Granted, both Donita Paul and Bryan Davis have books about dragons and they make those dragons good. Davis actually gives a story explanation that gives God credit for the transformation. Paul seems to take a more traditional approach, letting the reader conclude on his own that wizards in the DragonKeeper Chronicles can be good or bad, that dragons are good but can be captured and/or corrupted.

Which brings up the issue. If some other writer uses a dragon as a symbol of evil, are all writers thereafter obligated to make the dragon a symbol of evil? I would loudly proclaim, NO! To take such a stand is to deny God’s power of redemption.

Ah, one might say, Satan is beyond redemption, and the Dragon is a symbol of Satan in Scripture. One writer in the discussion pointed out that we should not confuse the Dragon with dragons. The latter, of course, don’t actually exist! They once might have. Some people think possibly dragons were dinosaurs. Nevertheless, in literature today, they can take on the value the writer gives them.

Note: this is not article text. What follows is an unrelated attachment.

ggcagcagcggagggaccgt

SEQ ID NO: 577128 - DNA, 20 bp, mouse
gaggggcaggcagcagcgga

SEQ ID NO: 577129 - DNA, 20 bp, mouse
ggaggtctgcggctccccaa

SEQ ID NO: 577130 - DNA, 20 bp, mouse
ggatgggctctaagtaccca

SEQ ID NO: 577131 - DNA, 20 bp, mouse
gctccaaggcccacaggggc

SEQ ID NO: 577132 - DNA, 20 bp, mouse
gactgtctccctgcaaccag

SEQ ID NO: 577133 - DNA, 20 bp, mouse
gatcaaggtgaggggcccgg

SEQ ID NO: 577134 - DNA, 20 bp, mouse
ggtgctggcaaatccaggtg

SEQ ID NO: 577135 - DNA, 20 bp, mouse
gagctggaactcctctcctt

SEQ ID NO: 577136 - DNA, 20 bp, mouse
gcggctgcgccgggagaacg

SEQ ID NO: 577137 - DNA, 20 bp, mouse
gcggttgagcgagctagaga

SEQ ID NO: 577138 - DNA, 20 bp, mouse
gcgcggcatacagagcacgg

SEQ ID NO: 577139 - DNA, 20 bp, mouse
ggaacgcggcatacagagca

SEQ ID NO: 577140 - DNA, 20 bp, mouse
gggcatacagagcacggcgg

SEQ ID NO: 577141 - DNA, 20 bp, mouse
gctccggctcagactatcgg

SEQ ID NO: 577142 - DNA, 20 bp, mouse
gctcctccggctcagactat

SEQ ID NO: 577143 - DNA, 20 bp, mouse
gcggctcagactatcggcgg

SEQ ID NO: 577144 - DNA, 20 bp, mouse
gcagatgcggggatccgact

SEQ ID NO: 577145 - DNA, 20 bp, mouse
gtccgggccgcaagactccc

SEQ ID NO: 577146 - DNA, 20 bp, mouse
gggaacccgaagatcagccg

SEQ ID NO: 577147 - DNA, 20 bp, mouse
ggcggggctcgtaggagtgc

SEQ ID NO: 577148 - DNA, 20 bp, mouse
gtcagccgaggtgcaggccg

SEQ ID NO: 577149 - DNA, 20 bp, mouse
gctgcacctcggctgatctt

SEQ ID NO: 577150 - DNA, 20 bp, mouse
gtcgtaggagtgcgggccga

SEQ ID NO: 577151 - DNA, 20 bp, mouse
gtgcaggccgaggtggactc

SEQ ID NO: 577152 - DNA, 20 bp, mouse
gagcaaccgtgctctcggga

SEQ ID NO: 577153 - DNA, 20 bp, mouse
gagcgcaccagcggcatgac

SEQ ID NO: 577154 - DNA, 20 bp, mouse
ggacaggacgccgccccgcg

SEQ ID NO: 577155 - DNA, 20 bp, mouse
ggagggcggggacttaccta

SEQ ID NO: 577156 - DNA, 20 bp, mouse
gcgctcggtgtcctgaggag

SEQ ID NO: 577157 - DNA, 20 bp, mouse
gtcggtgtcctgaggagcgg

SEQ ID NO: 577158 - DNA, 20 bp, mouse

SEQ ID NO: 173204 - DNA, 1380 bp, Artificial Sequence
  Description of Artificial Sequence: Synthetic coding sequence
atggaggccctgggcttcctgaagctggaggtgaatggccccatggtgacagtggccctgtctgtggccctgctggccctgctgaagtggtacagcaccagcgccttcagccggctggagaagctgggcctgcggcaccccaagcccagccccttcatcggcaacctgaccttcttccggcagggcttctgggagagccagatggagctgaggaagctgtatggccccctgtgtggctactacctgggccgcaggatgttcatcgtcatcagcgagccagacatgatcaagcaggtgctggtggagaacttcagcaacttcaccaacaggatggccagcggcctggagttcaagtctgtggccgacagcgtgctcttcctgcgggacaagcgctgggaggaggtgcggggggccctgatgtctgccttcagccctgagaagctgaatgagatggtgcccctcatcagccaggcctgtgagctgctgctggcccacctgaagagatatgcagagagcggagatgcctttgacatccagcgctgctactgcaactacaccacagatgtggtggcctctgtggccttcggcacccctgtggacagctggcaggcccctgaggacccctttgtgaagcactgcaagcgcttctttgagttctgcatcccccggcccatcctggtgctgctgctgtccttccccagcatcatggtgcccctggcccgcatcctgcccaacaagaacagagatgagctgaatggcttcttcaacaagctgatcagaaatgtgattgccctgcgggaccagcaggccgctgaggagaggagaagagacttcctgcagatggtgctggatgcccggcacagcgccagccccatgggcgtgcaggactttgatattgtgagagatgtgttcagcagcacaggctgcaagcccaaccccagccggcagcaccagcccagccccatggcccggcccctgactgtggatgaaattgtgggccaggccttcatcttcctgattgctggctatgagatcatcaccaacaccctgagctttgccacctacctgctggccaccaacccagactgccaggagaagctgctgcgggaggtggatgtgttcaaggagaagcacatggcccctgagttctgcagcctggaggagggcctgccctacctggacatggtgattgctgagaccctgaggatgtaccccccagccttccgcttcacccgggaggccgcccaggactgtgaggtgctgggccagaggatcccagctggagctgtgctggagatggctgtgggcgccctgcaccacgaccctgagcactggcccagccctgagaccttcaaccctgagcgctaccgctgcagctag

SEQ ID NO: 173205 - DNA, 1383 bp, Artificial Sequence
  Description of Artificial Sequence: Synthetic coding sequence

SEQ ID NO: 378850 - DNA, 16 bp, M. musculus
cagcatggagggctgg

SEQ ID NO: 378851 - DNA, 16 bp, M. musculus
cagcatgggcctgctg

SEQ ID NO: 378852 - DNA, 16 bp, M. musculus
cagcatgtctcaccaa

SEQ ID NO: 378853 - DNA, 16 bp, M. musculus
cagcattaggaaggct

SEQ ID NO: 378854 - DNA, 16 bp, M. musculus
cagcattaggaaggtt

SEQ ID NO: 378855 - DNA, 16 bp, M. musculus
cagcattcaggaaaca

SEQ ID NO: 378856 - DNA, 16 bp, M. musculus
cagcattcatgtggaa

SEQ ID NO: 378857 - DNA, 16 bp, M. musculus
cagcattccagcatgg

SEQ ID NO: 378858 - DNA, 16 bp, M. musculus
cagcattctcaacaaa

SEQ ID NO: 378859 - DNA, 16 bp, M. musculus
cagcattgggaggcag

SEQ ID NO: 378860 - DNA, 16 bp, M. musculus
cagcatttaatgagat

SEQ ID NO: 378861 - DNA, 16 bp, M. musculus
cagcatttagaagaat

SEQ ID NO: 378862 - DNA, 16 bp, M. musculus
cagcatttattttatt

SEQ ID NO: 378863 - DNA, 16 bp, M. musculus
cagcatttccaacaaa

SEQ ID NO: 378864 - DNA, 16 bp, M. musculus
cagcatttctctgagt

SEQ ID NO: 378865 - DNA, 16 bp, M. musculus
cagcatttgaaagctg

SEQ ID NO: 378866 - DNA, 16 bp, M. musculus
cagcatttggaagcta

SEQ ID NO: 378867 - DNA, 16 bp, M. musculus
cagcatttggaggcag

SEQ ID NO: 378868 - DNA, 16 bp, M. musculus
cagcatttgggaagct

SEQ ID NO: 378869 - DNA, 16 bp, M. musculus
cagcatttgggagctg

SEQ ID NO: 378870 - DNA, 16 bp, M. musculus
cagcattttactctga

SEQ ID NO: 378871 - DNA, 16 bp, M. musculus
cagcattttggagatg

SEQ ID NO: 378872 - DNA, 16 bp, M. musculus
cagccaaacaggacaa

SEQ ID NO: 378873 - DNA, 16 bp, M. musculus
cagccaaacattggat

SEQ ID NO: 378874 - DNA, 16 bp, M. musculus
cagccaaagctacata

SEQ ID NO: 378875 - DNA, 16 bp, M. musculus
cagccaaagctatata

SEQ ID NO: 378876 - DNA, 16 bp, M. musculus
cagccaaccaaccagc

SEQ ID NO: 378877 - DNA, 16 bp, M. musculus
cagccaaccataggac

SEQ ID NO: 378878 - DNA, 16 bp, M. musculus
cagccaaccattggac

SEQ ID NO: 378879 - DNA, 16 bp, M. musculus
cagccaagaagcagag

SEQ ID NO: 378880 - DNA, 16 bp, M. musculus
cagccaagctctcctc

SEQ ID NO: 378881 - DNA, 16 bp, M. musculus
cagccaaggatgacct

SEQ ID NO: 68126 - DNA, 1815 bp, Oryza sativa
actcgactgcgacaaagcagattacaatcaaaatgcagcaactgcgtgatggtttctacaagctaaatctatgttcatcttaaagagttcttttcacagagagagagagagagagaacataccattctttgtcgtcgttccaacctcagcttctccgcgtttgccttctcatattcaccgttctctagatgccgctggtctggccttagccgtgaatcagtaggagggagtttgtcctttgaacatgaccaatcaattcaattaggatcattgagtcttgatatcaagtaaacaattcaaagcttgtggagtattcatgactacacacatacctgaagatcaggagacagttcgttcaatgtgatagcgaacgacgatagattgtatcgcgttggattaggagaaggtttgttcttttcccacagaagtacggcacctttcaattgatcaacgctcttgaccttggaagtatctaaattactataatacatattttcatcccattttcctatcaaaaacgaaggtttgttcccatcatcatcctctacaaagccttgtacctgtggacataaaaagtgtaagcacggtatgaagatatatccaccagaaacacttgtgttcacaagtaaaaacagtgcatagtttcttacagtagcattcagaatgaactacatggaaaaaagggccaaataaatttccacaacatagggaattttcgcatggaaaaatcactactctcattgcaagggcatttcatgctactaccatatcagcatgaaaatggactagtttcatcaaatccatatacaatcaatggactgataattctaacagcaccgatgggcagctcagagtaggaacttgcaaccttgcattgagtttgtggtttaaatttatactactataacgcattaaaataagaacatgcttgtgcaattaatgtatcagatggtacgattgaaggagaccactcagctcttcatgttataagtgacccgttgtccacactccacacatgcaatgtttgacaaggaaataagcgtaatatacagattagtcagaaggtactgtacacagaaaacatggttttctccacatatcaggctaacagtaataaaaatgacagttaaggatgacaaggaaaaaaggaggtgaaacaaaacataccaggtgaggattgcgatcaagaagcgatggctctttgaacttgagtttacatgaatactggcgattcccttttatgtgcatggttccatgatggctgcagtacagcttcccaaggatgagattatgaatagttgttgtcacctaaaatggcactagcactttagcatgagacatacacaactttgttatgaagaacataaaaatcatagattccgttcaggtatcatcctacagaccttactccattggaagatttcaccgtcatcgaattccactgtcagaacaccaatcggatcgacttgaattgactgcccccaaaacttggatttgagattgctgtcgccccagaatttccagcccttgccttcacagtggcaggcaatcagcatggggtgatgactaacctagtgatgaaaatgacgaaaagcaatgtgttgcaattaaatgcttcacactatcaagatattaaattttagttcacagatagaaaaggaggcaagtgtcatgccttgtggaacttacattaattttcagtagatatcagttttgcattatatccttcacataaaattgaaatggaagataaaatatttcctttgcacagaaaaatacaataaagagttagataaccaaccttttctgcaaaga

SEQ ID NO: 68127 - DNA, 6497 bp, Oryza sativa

To think otherwise is a kind of prejudice, akin to saying Germans were evil in the 1930’s and 40’s and therefore they must be considered evil in all writing from then on. Odd to think that people can be prejudiced against creatures that don’t actually exist, but there it is.

As you might suppose, I have much more to say on this subject, but will save it for Fantasy Friday. 😀


  1. The number one thing good Christian writers should be concerned with is the believable, tangible, detailed and horrifying representation of evil. I don’t care if it fantasy or otherwise.

    We’ve got the market absolutely cornered on the “illuminating evil” front. To flee from understanding as if understanding was the same thing as the devil (from whom we are to flee) is downright silly.